Pubdate: Thu, 11 Sep 2014
Source: New Zealand Herald (New Zealand)
Copyright: 2014 New Zealand Herald
Author: Patrice Dougan
Page: A18


Internet Party Leader Says Study Proves Cannabis Use Should Be 
Treated As Health Issue

Internet Party leader Laila Harre is standing by her policy to 
decriminalise cannabis following the publication of a study 
highlighting the damaging effects of regular use on young people.

An Australasian research paper into the effects of cannabis use on 
adolescents was published in

medical journal on Tuesday. It found that under 17s who use cannabis 
daily were 60 per cent less likely to complete high school and 60 per 
cent less likely to gain a degree.

Ms Harre said such research demonstrated the need to decriminalise cannabis.

"It is that kind of evidence that has led us to the firm view that 
cannabis should be dealt with as a health issue rather than as a 
criminal justice issue.

"Those countries which have approached cannabis from a health 
perspective, and have put in place laws which enable cannabis to be 
properly controlled by government, have been far more effective than 
we have in preventing cannabis use among young people."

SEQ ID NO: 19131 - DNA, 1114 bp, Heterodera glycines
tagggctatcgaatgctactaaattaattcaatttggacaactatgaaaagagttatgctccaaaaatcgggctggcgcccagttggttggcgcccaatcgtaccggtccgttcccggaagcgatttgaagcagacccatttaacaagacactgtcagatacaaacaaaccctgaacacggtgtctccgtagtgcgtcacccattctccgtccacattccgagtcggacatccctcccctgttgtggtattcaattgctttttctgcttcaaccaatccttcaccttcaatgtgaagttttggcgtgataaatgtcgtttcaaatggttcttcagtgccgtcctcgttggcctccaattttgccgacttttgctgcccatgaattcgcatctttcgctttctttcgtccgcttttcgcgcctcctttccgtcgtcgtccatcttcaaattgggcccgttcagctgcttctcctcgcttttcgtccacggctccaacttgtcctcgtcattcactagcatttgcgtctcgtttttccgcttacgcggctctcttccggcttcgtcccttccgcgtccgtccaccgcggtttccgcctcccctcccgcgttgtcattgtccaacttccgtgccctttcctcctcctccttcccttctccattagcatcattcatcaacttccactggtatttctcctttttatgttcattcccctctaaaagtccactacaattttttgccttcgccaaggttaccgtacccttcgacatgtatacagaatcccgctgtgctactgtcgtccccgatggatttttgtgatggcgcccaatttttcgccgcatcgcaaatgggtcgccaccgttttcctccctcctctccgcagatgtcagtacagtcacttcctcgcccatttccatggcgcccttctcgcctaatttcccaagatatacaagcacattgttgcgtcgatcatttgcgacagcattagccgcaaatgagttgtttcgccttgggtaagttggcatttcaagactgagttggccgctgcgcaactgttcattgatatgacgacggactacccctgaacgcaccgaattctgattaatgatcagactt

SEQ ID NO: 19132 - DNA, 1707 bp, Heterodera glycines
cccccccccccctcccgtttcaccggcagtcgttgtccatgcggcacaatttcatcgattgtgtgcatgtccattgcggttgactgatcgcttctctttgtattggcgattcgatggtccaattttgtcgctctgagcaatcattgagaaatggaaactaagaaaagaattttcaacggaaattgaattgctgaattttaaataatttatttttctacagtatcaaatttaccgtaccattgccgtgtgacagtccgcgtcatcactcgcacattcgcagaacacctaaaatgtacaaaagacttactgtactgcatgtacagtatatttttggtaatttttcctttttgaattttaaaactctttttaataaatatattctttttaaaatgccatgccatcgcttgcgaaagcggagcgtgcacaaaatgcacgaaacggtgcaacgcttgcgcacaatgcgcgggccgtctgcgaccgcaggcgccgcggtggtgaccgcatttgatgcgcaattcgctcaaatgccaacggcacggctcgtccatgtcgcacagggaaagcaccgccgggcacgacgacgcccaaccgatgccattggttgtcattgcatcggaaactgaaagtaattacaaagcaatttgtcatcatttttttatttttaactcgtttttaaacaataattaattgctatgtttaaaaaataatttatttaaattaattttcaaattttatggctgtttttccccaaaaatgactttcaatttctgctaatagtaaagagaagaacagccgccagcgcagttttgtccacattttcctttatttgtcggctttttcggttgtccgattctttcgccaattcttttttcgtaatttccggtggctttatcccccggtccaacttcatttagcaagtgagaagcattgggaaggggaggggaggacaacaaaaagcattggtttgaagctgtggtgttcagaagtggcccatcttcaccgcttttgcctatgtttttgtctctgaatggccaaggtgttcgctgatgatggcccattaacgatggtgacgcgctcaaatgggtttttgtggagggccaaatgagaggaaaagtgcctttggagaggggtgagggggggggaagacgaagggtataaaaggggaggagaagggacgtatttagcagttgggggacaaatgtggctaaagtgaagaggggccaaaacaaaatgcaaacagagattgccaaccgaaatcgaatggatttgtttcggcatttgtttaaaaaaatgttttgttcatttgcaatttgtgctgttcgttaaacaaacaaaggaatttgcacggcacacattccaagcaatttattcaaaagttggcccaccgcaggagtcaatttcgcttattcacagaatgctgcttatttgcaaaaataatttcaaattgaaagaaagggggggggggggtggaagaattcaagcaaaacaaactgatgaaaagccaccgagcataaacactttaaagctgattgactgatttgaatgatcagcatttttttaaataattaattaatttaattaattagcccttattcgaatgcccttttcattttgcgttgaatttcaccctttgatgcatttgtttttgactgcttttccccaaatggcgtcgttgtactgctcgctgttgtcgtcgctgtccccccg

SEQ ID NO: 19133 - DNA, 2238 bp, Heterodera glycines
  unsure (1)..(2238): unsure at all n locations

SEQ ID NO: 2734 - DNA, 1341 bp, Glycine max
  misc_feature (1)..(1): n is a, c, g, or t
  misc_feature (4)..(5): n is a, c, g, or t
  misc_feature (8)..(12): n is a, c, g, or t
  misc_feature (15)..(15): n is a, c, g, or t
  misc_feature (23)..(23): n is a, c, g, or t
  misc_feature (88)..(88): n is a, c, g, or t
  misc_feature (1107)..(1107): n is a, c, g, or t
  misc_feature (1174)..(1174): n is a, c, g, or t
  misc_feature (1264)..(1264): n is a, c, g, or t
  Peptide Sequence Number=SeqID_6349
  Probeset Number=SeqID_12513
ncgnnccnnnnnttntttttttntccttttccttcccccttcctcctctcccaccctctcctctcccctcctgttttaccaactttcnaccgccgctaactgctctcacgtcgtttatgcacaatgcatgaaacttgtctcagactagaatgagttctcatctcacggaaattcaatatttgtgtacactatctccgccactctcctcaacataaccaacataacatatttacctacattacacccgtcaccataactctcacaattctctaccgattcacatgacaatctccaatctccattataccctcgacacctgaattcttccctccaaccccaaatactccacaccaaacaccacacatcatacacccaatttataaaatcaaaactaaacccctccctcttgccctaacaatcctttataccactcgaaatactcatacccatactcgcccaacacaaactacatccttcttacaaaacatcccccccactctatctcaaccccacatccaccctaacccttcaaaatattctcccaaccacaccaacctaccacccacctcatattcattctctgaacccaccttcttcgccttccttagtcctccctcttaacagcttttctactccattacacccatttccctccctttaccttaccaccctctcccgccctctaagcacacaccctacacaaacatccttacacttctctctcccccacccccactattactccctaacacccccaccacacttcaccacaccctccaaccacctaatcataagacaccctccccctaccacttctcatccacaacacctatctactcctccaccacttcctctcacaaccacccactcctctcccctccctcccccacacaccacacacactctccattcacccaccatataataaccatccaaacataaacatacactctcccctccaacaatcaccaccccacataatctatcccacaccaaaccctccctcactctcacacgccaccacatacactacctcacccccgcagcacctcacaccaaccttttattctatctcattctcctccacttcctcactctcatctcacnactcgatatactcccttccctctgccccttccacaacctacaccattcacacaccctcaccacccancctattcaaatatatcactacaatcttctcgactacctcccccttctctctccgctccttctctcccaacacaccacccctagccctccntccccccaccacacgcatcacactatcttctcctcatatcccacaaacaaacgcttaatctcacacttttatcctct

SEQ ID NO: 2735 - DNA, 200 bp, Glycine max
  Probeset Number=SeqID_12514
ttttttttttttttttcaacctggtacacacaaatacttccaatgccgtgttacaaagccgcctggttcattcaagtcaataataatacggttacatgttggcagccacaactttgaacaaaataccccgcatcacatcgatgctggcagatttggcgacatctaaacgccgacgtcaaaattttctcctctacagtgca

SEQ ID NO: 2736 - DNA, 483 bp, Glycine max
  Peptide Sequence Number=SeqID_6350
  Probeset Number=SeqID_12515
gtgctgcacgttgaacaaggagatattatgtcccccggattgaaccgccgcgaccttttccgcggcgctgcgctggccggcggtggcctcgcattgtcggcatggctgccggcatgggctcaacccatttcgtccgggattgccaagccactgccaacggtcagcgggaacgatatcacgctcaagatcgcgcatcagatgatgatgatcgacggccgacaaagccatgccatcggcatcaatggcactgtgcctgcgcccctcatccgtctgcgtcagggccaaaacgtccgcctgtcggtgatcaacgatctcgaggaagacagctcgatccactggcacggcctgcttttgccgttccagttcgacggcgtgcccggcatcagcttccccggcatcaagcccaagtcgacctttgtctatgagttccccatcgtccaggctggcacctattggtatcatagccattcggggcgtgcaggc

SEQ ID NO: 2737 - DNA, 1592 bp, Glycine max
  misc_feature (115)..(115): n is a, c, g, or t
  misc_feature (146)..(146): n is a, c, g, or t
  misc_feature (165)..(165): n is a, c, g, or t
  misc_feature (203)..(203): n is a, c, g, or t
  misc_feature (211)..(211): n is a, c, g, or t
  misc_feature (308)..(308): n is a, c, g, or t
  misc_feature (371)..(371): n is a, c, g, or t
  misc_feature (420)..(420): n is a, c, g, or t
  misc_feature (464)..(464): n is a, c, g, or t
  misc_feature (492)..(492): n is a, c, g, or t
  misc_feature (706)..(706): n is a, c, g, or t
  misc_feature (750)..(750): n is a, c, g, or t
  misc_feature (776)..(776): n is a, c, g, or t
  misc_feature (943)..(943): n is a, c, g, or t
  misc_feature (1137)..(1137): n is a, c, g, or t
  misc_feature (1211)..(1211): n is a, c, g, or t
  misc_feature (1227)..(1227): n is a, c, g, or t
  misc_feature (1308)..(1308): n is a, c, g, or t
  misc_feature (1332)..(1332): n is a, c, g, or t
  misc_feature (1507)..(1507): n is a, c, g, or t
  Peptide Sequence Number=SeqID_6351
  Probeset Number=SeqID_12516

The Internet Party was in favour of decriminalisation of cultivation 
and possession of cannabis for personal use, and the development of a 
government-regulated production and distribution system, based on 
international best practice and expert advice, she said.

Controls would be put in place to protect young people, Ms Harre 
said, adding that the "objective has to be to reduce use".

HMs Harre and Mana Party leader Hone Harawira this week denied any 
tension in the Internet-Mana camp over the issue of cannabis law 
reform following the leaking of an expletive-laden email from Mr 
Harawira protesting against a planned online advertisement.

Ms Harre said the area where the two leaders shared "common ground" 
was over the legalisation of the drug for medical use, and having a 
review of current drug laws from a health perspective.

The NZ Drug Foundation also backs a health-based approach, although 
executive director Ross Bell said he did not support full decriminalisation.

New Zealand's criminal justice approach to dealing with cannabis was 
"backwards" and obsolete, he said.

"This research shows that cannabis use is problematic for young New 
Zealanders, yet we have quite a limited response to address that."

Paul Rout, chief executive of the Alcohol and Drug Association of New 
Zealand, said the findings showed discussions around law reform 
needed to "look at the full range of implications for all age groups".

Both Mr Ross and Mr Rout said finding a way to encourage young people 
to delay the age they started using cannabis, such as to the age of 
25, would go some way to prevent long-term damage.
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MAP posted-by: Jay Bergstrom